WTF ?!? How about if I decide when I am disabled?

Discussion in 'Your Living Room' started by Michael, Sep 1, 2009.

ATTN: Our forums have moved here! You can still read these forums but if you'd like to participate, mosey on over to the new location.

  1. Michael

    Michael New Member

    I have an annual physical for my job. I am a safety inspector/expert and I specialize in hazardous waste and power plants. It's been a rewarding and interesting career.

    I was diagnosed with MM 3 years ago and this year we have a new MD reviewing the physicals. This is the guy I posted about a few weeks back who saw my audiogram and said "Son, what the hell is wrong with your left ear?" At the time it was funny. I explain to the Dr that I have MM. I get the results back this week and due to MM have several "restrictions" now placed on me. No working at heights, no working in confined spaces, no operating heavy equipment.

    Not that I do much of those operations anyway - I am an inspector, but the previous Dr who had reviewed my case for 2 years didn't have an issue with it. And how about this - since I have MM, why don't I decide what I can and can't handle?

    Dang. Stay tuned, I will be vigorously pursuing an appeal. I demand a rematch!!!!!
  2. Daize

    Daize New Member

    Hi Michael - I don't understand this, your previous doctor had no problems with you working and you have been managing well from what I read.

    Now this doctor tells you all this. As others come along with their input, it will be interesting to see what they think.

    I would be very ticked off...grrrrr.

  3. DKF308

    DKF308 New Member

    If you can work & know your limits, why can't you work? You know SS Disability will say you can work in any type of a meaningful job whether you can or can't, so if you can work at your normal job, fight for it. I doubt he would stand behind you with SS either. Good luck.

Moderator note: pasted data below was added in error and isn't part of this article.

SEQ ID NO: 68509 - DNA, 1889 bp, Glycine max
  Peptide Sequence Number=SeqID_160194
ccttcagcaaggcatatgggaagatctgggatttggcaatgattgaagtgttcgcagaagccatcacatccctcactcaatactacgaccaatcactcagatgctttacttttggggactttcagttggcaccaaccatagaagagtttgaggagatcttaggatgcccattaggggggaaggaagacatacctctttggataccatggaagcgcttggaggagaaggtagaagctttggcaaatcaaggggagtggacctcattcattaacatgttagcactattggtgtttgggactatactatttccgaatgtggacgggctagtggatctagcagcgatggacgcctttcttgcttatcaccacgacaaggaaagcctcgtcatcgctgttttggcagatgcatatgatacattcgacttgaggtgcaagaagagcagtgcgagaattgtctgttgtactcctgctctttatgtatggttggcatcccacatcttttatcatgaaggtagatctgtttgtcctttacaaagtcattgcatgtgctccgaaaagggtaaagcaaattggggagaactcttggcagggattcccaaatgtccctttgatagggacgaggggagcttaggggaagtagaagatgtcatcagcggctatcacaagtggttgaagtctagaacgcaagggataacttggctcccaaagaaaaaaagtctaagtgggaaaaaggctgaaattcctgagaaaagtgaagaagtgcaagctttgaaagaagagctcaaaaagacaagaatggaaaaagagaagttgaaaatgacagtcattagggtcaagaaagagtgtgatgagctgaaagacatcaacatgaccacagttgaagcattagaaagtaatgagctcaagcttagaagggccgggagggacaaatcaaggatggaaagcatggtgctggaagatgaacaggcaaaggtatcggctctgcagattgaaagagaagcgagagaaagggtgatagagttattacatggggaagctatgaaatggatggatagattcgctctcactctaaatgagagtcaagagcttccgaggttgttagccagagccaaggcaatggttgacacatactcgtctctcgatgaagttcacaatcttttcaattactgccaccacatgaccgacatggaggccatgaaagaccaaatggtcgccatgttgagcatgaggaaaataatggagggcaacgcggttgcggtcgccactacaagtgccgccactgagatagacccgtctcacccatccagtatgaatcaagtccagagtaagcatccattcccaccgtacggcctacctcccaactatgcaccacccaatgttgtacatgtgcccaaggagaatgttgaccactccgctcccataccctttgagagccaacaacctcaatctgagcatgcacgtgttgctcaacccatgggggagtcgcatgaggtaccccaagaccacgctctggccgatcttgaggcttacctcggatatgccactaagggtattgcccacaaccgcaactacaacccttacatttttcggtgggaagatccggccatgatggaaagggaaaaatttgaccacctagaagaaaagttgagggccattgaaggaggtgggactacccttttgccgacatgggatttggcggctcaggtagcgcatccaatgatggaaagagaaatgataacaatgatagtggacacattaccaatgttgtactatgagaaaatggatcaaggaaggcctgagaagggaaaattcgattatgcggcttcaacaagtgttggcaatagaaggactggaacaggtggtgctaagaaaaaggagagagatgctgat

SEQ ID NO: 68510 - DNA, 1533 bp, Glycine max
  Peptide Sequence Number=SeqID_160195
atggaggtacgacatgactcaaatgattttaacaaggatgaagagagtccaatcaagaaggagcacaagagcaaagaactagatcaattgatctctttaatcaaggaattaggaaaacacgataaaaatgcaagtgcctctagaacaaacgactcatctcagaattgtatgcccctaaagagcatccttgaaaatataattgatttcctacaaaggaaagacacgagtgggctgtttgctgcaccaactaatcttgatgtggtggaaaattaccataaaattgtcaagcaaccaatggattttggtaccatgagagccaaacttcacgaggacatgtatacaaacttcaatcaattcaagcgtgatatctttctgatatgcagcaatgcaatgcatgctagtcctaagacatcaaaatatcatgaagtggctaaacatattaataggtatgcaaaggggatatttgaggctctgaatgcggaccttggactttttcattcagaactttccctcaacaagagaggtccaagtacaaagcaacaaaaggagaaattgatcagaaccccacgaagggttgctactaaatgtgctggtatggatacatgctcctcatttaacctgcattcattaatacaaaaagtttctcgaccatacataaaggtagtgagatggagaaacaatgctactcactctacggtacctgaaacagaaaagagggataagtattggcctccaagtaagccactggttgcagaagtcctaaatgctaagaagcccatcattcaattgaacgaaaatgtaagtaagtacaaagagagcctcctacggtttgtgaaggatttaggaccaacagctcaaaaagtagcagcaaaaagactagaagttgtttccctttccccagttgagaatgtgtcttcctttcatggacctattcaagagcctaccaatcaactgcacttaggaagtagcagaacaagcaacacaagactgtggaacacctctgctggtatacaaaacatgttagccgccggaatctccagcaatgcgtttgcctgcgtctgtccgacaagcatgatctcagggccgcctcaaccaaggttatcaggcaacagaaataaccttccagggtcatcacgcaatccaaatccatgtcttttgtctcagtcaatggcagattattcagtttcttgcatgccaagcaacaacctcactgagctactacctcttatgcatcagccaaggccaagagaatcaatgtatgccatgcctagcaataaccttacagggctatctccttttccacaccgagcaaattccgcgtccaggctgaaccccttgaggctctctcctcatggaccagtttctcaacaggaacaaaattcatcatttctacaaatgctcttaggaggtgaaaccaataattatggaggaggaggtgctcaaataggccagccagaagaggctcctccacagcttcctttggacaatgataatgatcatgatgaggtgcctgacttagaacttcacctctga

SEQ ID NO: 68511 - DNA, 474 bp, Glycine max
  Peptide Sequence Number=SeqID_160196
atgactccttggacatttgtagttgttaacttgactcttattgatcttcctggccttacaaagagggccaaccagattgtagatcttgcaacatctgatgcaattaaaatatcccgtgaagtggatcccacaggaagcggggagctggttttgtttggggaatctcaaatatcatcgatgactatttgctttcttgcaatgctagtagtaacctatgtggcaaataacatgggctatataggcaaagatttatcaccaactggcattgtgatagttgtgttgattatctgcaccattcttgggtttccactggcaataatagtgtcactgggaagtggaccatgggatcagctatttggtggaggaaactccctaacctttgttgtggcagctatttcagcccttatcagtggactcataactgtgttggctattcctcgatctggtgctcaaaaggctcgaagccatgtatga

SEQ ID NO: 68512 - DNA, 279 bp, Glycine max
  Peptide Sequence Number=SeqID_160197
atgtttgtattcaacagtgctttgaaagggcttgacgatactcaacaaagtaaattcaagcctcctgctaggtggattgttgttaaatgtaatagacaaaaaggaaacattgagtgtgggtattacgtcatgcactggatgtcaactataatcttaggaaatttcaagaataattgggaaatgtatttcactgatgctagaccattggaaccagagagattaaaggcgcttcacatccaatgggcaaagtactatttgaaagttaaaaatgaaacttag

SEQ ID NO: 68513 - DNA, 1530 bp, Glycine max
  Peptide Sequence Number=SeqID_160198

4. nwspin

    nwspin New Member

    I used to be a Commercial Truck Driver. Meniere's disqualifies me from driving commercially in the US, too much of a risk. The only way I could get my CDL back is to get a VNS or Laby but I'm bilateral so that option is out.

    Most employers will look at what kind of liability your disability would cause. For the employer it is not worth the risk having someone who could have an attack at any time, climbing ladders, etc. Your previous doctor that was giving the exams probably wasn't being thorough enough. I see these types of doctors in the trucking industry, some will sign your DOT medical card without much of an exam and most will do a thorough exam to qualify you to do your job safely.

    Unfortunately we are in a Catch 22 with this condition. Most of the time you can function normally but then there is the risk that you could have an attack and cause harm to you or others in the workplace and most companies do not want to assume that risk.

    It sucks but that is the reality of it. With ADA protections you probably could protect your job with workplace modifications.
  5. June-

    June- New Member

    It's a liability issue that your employer is thinking about. THey would sue him not you. I hope you can get it straightened out or at least have it acknowledged that you can do your job in a way that does not entail risk even if it is not exactly the same way you did in the past.
  6. poppaharley

    poppaharley Meniere's: God's answer to a free merry-go-round


    I know you must be pretty pissed off at having restrictions put on you, especially when the previous doctor didn't. But playing Devil's advocate, I would have to think that not working at hights or operating heavy equipment is probably for your own safety as well as others. Maybe in a sort of backhanded way, the doctor is looking out for you.

    While I don't have to do that sort of stuff for my job (part time that it is), I've imposed those sorts of restrictions on myself for things around the house. My getting on a ladder to clean rain gutters or prune tree limbs overhanging the roof is for sure a thing of the past. There's no "heavy equipment" around but I take more precautions just mowing the lawn than I used to and on those rare occasions when I'm feeling solid enough to get out on the bike, I keep my rides within about 15 miles from home in case somebody has to come rescue me.

    Good luck on continuing to work in your career as long as you can. There are many here who have had to give up their jobs and that can really be a problem financially, especially these days.

  7. Michael

    Michael New Member

    Thanks for the support and differeing perspectives. That's what this board is all about.

Share This Page